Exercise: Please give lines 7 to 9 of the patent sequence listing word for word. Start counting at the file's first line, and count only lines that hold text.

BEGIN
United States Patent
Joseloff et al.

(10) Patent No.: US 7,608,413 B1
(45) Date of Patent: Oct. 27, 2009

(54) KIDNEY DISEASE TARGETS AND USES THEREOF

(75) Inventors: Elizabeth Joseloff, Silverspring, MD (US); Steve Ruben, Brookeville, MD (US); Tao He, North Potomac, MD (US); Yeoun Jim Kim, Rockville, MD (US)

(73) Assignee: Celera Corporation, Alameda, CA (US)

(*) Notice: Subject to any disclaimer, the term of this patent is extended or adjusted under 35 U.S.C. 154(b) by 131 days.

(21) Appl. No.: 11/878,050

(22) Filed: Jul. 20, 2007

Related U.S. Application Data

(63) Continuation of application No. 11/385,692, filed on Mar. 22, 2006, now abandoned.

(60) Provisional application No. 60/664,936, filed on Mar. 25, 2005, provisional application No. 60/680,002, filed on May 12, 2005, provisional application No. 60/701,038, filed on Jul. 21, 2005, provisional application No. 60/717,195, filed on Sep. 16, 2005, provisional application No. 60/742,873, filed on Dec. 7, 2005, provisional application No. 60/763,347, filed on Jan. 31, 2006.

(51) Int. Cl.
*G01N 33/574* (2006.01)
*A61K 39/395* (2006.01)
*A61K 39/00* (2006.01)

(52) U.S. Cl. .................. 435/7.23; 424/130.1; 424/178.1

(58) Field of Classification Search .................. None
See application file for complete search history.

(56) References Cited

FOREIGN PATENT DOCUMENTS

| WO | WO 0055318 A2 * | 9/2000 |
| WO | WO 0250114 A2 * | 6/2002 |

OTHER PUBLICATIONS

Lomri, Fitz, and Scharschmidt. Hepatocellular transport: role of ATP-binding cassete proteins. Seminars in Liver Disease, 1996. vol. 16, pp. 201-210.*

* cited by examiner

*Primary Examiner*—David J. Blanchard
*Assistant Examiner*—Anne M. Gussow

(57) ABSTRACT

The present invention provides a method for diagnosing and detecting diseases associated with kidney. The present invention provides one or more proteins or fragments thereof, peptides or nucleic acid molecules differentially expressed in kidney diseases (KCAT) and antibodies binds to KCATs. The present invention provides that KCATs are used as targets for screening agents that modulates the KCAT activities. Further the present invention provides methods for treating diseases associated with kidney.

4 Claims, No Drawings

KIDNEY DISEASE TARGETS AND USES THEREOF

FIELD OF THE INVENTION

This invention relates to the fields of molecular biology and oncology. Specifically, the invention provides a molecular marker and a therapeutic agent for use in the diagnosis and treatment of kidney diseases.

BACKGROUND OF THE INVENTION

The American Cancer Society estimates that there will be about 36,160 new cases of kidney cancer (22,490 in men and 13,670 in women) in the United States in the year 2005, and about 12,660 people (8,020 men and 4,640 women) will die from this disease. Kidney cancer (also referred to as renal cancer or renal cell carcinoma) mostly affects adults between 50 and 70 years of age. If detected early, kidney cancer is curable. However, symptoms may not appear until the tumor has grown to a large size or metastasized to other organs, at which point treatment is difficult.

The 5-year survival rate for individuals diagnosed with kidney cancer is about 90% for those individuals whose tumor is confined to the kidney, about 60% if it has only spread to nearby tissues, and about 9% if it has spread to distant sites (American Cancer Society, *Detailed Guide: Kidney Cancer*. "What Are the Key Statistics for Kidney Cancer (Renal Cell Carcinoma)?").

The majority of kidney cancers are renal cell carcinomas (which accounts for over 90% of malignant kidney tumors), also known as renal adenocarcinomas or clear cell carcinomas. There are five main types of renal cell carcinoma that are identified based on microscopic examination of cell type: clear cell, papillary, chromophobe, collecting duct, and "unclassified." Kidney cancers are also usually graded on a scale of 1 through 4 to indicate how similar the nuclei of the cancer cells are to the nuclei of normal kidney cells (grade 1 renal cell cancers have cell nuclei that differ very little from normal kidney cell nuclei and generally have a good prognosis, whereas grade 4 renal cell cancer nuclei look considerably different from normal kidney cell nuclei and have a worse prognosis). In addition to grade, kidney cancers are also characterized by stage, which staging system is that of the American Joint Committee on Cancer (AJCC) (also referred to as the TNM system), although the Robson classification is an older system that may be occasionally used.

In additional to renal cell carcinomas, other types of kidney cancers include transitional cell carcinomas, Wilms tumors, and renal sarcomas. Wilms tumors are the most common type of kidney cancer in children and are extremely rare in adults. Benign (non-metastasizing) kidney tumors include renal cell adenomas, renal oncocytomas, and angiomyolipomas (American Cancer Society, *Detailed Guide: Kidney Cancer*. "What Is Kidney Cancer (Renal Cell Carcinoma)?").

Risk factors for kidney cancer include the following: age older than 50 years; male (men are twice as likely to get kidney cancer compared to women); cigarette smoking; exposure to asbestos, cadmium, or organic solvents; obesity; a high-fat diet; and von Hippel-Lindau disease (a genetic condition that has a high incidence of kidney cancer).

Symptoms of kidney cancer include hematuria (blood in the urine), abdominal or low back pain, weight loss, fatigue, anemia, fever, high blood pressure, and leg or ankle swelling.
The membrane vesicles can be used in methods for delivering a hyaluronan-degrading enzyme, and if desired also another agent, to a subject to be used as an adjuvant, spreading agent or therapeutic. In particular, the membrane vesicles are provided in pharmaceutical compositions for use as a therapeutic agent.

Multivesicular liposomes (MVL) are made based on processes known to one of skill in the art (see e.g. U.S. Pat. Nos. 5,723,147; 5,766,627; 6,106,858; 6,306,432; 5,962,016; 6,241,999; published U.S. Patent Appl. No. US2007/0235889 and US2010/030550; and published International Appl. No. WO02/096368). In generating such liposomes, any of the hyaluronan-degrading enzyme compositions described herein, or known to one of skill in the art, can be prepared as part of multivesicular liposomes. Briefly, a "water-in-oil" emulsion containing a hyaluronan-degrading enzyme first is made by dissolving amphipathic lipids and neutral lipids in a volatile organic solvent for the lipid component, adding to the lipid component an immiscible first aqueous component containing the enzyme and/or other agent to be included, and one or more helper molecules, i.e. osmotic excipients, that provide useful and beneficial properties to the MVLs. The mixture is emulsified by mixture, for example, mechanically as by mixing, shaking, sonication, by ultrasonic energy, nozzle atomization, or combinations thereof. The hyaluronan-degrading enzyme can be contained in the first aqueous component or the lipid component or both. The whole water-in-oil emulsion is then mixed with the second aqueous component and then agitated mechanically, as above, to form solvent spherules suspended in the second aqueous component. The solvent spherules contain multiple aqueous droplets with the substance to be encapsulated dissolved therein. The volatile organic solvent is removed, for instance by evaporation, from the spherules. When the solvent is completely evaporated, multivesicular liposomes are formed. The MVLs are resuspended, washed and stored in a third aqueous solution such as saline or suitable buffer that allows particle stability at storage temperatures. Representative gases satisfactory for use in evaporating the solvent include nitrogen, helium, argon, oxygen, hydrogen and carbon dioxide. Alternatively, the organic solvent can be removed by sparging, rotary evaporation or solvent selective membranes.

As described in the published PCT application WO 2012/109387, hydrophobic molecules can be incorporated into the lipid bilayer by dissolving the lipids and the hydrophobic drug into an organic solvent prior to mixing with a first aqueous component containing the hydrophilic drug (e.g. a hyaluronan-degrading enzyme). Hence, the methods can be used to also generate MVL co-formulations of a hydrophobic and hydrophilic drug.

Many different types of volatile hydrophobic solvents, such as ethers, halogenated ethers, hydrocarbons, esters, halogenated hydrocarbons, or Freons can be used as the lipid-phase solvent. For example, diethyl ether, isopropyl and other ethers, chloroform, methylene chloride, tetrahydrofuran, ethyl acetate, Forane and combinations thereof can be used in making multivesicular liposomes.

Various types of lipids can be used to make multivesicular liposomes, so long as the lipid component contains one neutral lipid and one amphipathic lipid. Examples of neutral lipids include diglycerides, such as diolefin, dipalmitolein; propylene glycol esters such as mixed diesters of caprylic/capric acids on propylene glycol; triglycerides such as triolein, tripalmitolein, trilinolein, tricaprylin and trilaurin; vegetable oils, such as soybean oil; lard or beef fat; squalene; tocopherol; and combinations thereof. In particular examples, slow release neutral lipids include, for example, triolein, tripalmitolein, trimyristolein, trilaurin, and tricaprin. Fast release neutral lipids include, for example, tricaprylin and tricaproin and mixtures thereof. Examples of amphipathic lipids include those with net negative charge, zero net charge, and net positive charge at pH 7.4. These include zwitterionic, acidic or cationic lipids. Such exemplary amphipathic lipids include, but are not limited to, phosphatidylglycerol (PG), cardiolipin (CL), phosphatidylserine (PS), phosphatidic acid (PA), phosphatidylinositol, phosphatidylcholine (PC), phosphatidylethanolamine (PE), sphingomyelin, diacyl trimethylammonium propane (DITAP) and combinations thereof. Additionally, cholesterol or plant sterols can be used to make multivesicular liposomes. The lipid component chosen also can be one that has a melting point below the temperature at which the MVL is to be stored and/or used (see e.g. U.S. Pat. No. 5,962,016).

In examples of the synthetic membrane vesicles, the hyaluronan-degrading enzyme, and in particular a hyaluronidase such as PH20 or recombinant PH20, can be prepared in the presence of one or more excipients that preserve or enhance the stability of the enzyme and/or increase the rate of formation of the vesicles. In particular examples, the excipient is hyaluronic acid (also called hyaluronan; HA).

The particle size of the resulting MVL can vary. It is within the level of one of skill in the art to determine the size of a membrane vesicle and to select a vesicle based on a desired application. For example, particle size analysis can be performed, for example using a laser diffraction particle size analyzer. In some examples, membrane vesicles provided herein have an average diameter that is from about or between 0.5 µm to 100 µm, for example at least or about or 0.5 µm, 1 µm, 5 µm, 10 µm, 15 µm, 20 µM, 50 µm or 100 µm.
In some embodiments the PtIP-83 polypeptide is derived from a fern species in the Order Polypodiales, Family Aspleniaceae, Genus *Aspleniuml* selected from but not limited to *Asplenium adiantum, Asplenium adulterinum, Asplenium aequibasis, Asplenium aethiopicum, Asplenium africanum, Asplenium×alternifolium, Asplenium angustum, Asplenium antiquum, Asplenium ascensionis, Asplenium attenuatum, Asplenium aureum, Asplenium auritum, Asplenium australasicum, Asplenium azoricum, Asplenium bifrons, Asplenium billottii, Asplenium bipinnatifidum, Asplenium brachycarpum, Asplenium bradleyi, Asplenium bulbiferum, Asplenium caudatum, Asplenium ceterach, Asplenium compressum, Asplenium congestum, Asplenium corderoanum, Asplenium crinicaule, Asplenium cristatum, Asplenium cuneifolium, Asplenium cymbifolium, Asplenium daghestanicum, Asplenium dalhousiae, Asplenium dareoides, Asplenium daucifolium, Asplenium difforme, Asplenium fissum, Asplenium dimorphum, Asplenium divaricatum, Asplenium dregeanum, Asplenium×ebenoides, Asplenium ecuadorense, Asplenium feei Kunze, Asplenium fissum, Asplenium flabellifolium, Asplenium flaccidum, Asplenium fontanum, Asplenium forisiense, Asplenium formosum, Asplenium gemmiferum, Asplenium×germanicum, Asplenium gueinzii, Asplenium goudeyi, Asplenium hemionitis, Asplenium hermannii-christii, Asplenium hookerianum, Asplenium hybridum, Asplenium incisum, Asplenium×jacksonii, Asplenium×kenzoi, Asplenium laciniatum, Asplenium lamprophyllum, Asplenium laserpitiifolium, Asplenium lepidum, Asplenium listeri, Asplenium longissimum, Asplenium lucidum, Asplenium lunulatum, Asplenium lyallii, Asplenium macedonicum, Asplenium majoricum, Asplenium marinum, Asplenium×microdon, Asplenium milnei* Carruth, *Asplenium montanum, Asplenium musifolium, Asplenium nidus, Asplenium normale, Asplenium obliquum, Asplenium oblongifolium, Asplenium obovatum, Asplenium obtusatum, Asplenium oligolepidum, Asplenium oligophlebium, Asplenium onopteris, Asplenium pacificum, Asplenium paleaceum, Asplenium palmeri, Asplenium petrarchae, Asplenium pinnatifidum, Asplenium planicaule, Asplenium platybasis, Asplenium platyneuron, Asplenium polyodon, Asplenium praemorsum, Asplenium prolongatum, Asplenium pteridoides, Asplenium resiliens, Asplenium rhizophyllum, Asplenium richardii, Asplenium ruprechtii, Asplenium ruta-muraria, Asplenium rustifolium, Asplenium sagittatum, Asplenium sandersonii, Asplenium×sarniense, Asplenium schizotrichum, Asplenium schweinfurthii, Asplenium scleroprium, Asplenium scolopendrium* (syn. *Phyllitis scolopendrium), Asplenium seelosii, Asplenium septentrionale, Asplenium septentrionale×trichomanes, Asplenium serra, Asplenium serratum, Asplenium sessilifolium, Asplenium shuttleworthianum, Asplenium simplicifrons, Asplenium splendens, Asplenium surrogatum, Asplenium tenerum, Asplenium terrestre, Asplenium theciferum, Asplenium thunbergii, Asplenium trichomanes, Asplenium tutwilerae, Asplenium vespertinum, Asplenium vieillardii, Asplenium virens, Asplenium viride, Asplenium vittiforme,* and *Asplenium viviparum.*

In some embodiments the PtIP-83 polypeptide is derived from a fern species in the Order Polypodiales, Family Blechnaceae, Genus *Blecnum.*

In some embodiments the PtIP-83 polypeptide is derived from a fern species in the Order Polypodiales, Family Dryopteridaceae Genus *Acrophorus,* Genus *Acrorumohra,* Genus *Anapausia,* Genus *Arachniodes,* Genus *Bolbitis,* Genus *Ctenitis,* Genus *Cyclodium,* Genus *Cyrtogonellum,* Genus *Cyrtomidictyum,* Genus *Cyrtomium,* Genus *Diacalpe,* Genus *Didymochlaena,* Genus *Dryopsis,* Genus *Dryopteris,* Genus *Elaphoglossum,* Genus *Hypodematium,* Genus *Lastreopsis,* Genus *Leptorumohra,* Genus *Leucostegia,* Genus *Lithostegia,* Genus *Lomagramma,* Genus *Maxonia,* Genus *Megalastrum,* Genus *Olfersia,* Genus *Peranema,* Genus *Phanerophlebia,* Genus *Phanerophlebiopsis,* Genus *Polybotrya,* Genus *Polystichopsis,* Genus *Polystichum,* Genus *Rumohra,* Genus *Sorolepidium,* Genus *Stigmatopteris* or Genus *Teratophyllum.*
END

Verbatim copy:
(73) Assignee: Celera Corporation, Alameda, CA (US)

(*) Notice: Subject to any disclaimer, the term of this patent is extended or adjusted under 35 U.S.C. 154(b) by 131 days.

(21) Appl. No.: 11/878,050